Coherent Diffraction Imaging @ Free Electron Laser

Electronic & Chemical & Magnetic Characterization (X-ray/soft-X-ray spectroscopy)

The lensless Coherent Diffraction Imaging (CDI) technique has been developed significantly and is gaining time resolved potentials thanks to the advent of coherent and ultrashort pulses delivered by the X-ray free electron lasers (FEL). The shot-to-shot temporal and energy stability of the seeded-FEL pulses at Fermi@Elettra has opened extraordinary opportunities for CDI and in particular for Resonant Coherent Diffraction Imaging (R-CDI), overcoming some of the limitations imposed by the partial longitudinal coherence of the SASE-FELs.In addition, the multiple (linear and circular) polarization of Fermi-FEL pulses is an added value to explore specific contrast mechanisms, relevant to the spin and orbital sensitive electronic transitions.

The DiProI end-station and the dedicated beamline that transports and tailors the FEL pulses for meeting the stringent requirements of coherent scattering experiments were commissioned in 2011-2012. Exploiting the advantage of FERMI seeded FEL, the same Ti:sapphire IR laser, that triggers the FEL emission, can also be used as a source for IR pulses that are delivered to the end-station through a dedicated IR ‘beamline’ and two optical breadboards. These IR pulses are intrinsically synchronized with the FEL and can be used as either pump or probe in almost jitter-free time resolved experiments.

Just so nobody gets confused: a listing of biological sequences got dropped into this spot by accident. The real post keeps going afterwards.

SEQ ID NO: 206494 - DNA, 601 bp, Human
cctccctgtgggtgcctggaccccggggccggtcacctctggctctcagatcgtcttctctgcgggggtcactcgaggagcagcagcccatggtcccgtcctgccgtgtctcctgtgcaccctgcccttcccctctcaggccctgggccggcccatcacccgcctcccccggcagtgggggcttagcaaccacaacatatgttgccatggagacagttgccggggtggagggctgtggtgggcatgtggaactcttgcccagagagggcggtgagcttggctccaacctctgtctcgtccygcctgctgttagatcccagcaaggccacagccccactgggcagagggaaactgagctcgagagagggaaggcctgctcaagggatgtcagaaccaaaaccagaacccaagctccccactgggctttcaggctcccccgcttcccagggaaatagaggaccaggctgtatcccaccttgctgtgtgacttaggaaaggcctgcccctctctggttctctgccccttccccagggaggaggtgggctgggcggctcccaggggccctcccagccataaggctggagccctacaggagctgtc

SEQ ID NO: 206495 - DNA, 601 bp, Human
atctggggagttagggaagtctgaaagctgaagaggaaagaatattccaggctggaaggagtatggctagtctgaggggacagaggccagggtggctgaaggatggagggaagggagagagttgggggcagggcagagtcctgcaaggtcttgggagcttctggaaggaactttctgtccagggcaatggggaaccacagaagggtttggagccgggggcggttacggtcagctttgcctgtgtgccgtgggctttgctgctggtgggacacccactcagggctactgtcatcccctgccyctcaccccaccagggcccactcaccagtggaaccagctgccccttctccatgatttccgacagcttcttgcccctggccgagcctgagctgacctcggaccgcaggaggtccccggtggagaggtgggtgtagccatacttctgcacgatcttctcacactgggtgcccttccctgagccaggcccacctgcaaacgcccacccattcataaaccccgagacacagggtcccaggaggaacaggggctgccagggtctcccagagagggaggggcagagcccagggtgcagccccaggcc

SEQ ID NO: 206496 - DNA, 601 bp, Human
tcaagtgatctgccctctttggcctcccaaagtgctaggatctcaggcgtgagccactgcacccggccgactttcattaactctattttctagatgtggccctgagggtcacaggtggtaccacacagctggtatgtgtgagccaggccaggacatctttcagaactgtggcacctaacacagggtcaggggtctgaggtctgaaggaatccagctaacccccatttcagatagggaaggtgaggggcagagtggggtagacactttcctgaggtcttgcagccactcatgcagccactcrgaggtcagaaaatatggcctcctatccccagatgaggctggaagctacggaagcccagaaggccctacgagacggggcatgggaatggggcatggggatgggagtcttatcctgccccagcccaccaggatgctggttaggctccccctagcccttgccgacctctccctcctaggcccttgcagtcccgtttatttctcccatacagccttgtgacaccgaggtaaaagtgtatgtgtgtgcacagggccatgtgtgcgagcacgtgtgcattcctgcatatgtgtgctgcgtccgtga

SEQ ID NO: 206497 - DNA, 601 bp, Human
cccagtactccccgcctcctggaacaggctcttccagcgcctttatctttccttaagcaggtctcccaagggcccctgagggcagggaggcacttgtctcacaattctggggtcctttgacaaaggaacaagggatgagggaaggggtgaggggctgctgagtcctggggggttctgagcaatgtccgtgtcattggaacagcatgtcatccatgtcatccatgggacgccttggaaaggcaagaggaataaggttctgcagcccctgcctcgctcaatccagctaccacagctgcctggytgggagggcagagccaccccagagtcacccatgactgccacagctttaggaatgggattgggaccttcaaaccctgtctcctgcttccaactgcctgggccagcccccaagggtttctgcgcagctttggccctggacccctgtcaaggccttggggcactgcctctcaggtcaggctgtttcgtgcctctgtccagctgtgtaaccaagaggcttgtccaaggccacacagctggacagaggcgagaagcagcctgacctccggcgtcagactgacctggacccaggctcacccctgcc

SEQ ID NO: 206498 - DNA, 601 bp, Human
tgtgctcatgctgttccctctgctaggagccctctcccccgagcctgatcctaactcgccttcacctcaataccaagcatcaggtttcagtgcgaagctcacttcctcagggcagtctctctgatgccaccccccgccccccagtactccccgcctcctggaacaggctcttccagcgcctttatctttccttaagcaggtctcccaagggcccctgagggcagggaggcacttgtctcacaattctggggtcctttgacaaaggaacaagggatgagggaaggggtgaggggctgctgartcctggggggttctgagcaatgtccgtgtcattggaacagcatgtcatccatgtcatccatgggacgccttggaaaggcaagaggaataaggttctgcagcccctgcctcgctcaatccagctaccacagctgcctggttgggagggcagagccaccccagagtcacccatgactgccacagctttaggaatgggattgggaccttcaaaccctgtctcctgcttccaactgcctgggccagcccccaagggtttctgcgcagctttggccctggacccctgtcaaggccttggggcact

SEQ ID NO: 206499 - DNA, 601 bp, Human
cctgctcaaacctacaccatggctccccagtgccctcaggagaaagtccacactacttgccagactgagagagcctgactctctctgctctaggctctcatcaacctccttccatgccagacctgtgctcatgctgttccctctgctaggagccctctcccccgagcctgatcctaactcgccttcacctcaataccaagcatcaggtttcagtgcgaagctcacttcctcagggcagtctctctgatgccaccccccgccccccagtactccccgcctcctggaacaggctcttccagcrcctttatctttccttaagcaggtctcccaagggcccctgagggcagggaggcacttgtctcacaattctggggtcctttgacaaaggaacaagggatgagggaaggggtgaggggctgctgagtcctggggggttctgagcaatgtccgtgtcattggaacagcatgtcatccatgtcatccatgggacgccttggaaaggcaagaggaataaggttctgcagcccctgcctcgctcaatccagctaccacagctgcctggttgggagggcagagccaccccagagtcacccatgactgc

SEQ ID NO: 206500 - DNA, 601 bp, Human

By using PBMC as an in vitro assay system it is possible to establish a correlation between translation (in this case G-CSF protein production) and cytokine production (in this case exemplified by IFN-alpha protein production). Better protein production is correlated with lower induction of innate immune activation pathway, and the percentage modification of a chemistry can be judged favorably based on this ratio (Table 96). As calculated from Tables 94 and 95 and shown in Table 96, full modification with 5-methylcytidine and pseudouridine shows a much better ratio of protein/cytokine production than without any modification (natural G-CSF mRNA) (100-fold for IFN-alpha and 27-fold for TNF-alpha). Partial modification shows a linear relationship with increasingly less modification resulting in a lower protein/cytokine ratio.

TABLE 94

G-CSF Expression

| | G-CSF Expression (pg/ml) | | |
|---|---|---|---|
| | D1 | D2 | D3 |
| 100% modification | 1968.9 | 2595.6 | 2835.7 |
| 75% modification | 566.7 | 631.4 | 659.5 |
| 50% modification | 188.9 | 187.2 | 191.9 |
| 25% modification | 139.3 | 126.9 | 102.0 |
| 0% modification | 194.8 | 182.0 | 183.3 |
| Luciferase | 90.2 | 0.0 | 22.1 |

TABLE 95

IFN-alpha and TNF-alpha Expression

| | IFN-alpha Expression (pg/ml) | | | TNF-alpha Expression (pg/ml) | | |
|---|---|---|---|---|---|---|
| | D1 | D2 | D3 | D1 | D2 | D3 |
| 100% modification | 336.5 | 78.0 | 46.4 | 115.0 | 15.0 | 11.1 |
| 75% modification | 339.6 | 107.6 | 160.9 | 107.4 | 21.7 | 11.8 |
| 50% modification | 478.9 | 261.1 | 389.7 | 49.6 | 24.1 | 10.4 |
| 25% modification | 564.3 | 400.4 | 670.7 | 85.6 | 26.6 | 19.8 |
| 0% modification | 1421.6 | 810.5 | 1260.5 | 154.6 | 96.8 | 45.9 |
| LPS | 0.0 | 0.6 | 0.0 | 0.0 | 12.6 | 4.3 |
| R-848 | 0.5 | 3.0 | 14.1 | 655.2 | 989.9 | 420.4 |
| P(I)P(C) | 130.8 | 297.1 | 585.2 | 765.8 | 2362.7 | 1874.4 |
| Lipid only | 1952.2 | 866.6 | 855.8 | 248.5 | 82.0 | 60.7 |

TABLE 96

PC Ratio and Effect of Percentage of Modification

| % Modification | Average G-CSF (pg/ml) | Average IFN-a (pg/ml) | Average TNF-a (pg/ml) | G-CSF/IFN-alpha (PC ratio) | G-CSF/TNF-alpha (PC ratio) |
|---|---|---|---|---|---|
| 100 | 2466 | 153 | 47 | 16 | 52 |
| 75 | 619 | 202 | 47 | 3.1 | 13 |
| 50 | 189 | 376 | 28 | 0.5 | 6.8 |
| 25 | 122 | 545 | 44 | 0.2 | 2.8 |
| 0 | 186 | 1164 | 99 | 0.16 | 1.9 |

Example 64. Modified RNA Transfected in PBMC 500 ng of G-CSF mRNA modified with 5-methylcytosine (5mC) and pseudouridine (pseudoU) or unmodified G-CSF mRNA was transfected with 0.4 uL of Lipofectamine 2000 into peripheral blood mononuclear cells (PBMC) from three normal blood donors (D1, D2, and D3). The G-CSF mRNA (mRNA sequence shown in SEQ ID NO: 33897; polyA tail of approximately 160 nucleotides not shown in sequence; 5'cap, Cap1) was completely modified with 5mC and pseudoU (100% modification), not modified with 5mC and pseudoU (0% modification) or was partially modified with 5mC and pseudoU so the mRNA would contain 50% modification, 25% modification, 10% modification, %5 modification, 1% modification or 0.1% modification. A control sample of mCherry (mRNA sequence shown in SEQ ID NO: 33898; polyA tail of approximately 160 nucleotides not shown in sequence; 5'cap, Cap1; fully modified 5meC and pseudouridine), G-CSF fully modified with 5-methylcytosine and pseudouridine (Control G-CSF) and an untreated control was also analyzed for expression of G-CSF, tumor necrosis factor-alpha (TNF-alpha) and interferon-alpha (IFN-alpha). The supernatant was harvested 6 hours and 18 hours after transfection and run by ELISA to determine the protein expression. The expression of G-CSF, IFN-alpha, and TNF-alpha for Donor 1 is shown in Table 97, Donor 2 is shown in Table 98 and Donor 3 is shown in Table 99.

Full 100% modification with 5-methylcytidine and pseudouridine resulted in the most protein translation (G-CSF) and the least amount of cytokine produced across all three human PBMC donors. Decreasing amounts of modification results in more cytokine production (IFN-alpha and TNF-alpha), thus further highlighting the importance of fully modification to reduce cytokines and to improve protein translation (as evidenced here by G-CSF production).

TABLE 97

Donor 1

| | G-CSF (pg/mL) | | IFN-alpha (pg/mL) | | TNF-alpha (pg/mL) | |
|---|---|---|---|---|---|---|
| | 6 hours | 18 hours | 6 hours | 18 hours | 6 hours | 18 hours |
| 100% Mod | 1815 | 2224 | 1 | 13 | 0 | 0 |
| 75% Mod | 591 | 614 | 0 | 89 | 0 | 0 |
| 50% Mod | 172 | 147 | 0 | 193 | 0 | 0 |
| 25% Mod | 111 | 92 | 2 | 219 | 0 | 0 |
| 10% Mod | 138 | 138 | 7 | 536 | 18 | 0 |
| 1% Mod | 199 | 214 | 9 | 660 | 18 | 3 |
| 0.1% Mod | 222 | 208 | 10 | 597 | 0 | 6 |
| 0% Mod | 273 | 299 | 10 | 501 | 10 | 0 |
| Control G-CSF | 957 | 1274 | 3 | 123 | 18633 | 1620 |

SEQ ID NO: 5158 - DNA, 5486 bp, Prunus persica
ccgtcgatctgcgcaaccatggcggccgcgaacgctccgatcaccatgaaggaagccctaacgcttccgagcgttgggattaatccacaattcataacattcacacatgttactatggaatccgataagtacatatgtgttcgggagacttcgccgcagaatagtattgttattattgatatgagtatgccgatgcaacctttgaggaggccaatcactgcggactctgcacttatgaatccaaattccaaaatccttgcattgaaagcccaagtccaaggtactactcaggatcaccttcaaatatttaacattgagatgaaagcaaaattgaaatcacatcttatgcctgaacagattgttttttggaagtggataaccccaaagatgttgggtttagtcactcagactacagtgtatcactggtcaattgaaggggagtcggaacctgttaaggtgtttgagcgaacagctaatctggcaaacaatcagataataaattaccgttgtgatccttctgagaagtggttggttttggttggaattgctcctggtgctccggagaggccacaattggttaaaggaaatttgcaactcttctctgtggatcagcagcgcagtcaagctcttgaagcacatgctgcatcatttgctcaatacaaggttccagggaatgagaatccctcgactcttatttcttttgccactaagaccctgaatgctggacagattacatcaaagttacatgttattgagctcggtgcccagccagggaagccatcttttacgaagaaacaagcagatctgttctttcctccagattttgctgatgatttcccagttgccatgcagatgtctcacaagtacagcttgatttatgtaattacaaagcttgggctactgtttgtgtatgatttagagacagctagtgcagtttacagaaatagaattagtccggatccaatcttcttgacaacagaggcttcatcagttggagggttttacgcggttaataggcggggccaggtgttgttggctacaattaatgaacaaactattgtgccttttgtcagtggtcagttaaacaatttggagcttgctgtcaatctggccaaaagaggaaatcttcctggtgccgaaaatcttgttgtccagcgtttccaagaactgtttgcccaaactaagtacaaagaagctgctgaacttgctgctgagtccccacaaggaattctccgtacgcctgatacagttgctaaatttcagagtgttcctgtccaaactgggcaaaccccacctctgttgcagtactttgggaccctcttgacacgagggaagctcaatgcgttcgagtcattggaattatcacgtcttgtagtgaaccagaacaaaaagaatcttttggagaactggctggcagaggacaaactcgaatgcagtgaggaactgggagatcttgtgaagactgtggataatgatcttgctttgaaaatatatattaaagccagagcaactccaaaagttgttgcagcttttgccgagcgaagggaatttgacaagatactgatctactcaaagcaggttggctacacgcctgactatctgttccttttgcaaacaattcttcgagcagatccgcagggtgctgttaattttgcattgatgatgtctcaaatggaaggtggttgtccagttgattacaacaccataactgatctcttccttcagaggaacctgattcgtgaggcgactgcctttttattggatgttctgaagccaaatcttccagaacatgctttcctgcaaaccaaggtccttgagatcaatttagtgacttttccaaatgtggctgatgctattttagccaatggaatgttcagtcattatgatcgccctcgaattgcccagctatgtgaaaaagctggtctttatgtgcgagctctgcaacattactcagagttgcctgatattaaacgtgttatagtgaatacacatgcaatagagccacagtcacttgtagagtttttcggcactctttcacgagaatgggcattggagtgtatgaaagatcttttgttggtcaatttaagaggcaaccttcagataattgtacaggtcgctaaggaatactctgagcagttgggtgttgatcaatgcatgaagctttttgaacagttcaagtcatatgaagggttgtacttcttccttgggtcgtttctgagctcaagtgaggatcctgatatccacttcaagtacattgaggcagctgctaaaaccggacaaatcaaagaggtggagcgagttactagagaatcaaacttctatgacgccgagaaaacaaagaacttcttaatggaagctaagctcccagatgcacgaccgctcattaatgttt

The DiProI instrument can work in many flexible configurations performing scattering experiments both in trasmission and in reflectrion. Morover the instrument is equipped with a compact XUV delay line that can be set up inside the DiProI chamber before the sample region to split each FEL pulse into to branches and recombine them on the sample with tunable incidence angle and delay. This set up has been used for transient grating, coherent anti-Stokes Raman scattering and time-resolved magnetic scattering experiments.

The typical crossing angle between the two beams is of about 6° and the delay can be scanned in the range of ±500 fs.

          provided at Large Scale Facilities by: